Brewster v. Martin Marietta Aluminum Sales, Inc., Docket Nos. 70493

Decision Date26 December 1985
Docket Number70494,Docket Nos. 70493
Citation378 N.W.2d 558,145 Mich.App. 641
Parties, 47 Fair Empl.Prac.Cas. (BNA) 1276, 121 Lab.Cas. P 56,820, 3 IER Cases 1399 Joy BREWSTER, Plaintiff-Appellee Cross-Appellant, v. MARTIN MARIETTA ALUMINUM SALES, INC., A Corporation, Defendant-Appellant Cross-Appellee. Joy BREWSTER, Plaintiff-Appellee Cross-Appellant, v. MARTIN MARIETTA ALUMINUM SALES, INC., A Corporation, And Martin Marietta Aluminum, Inc., A Corporation, Jointly And Severally, Defendants-Appellants Cross-Appellees.
CourtCourt of Appeal of Michigan — District of US

Schaden & Heldman by Victoria C. Heldman, Detroit, for plaintiff-appellee.

Dickinson, Wright, Moon, Van Dusen & Freeman by John Corbett O'Meara, George R. Ashford, and Francis R. Ortiz, Detroit, for defendants-appellants.

Before V.J. BRENNAN, P.J., and CYNAR and SIMON, * JJ.

V.J. BRENNAN, Presiding Judge.

In 1957, plaintiff, Joy Brewster, was hired by Harvey Aluminum, Inc., as a secretary in its Detroit office. In 1968, Martin Marietta Aluminum, Inc., acquired Harvey Aluminum, and by 1971, plaintiff had become an industrial sales representative for Martin Marietta. On September 30, 1975, plaintiff's employment was terminated for unsatisfactory job performance and insubordination.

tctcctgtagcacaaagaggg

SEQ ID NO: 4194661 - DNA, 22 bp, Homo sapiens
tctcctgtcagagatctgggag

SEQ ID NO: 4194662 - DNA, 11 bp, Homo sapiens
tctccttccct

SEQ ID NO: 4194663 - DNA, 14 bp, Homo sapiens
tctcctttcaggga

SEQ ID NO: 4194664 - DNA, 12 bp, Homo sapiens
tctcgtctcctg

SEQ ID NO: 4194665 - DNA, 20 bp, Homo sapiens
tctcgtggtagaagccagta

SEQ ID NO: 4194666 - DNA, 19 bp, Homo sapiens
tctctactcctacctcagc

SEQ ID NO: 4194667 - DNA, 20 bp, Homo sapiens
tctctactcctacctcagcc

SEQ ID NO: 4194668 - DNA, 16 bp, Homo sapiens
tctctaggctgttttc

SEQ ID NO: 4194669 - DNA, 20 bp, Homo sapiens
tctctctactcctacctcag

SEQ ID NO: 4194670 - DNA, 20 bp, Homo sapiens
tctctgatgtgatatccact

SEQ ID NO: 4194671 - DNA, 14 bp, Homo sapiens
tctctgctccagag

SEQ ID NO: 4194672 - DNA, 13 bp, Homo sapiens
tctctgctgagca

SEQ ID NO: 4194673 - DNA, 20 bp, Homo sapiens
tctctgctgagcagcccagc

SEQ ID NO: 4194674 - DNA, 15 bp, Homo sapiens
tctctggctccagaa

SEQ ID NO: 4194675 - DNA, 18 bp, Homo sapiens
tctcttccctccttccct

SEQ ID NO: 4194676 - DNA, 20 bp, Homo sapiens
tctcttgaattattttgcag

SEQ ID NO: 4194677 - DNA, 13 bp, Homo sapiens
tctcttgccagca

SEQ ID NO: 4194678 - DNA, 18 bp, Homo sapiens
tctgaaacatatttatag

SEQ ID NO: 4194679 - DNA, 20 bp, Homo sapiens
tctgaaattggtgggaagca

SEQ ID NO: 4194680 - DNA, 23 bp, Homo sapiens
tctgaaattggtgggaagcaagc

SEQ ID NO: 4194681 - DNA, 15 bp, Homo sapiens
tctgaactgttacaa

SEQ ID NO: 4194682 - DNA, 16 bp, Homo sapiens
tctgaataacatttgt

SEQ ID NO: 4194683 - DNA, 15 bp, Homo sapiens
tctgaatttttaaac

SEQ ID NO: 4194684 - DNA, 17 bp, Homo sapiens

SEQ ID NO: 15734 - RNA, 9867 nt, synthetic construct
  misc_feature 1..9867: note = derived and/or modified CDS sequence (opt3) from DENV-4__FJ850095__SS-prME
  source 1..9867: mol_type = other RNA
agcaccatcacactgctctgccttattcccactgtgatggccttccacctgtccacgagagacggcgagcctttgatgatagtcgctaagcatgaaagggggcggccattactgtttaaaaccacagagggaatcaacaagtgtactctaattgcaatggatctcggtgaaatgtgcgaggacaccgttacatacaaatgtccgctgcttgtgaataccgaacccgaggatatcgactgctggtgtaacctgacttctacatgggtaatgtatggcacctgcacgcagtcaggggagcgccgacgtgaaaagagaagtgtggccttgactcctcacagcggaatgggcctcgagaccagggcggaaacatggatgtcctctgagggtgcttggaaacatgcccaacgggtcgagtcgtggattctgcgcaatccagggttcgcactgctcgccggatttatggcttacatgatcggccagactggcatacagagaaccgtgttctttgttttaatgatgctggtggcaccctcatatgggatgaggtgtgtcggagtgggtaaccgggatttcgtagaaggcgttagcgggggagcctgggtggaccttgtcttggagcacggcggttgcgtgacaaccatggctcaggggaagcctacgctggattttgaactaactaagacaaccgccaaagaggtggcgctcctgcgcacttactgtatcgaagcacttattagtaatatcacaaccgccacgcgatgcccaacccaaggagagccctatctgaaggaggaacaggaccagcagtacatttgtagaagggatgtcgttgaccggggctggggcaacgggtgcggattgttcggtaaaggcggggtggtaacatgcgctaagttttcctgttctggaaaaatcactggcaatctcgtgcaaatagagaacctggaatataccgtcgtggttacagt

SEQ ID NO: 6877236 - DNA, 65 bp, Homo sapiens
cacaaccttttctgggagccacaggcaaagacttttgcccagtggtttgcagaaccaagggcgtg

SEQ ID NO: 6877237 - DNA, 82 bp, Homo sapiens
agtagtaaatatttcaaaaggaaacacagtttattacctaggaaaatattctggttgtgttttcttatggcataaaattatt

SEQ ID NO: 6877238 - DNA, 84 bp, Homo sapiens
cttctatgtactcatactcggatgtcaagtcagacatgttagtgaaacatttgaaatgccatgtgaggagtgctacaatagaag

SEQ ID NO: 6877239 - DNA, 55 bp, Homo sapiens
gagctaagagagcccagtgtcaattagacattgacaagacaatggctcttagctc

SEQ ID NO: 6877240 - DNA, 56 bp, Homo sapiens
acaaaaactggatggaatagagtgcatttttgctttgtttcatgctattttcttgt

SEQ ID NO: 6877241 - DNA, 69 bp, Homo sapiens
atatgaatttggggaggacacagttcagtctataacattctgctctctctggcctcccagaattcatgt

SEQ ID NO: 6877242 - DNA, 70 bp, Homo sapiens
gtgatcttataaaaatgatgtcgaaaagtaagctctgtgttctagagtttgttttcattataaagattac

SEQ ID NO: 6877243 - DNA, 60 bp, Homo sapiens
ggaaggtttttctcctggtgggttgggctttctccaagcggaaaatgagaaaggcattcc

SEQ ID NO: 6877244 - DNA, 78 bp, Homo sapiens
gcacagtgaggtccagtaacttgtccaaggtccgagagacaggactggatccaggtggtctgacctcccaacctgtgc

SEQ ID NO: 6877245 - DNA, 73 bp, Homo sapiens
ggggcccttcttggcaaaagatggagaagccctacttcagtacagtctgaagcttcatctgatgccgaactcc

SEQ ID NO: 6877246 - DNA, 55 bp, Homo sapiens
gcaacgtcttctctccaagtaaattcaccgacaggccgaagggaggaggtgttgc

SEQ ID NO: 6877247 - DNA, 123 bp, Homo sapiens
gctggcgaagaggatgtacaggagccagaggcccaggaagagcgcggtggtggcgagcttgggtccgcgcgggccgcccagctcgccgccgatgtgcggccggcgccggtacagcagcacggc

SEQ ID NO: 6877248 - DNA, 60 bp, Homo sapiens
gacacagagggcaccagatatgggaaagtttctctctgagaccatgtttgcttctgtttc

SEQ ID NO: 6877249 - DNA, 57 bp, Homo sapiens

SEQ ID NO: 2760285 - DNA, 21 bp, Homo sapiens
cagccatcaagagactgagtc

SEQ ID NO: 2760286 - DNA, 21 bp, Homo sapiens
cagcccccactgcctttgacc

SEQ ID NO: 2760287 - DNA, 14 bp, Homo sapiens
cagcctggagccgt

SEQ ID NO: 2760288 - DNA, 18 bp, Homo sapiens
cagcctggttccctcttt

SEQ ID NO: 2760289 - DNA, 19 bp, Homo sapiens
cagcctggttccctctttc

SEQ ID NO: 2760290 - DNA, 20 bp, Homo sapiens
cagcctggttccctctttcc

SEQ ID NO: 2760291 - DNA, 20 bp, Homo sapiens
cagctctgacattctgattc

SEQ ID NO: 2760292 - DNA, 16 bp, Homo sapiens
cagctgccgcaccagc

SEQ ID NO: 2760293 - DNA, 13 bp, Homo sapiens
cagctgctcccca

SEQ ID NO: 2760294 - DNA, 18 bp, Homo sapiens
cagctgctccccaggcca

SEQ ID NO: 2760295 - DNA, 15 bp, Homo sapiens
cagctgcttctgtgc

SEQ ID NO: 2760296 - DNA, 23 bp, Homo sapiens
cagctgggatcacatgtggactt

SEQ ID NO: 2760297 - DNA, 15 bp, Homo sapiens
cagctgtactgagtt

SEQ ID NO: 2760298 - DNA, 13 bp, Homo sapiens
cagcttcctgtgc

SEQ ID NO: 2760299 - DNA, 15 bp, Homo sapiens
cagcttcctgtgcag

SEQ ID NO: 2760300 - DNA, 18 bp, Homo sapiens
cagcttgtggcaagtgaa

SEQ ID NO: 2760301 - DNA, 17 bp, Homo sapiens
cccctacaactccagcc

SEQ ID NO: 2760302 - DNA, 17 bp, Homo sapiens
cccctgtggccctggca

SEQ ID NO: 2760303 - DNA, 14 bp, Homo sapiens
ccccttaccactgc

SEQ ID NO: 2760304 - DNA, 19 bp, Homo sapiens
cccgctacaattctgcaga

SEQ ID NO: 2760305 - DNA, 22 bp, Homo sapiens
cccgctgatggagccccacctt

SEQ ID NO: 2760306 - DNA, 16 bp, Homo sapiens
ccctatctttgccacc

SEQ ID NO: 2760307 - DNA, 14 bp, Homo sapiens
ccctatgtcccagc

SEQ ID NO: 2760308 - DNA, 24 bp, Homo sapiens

Plaintiff began as a secretary for Martin Marietta, but after a time, she was actually functioning much of the time as an inside sales representative. In 1970, plaintiff was working outside sales, part-time, and in 1971 she officially became an outside sales representative. She testified that she received virtually no sales training, despite repeated requests, although other new sales representatives (mainly men) received eight weeks of training.

In May, 1971, Francis X. Bradley, vice-president of Martin-Marietta Aluminum, visited the Detroit office and spoke to the plaintiff, asking her if she was still expected to do secretarial work. When she replied that she was, Bradley said that that was not his intention and that she should be a full-time salesperson.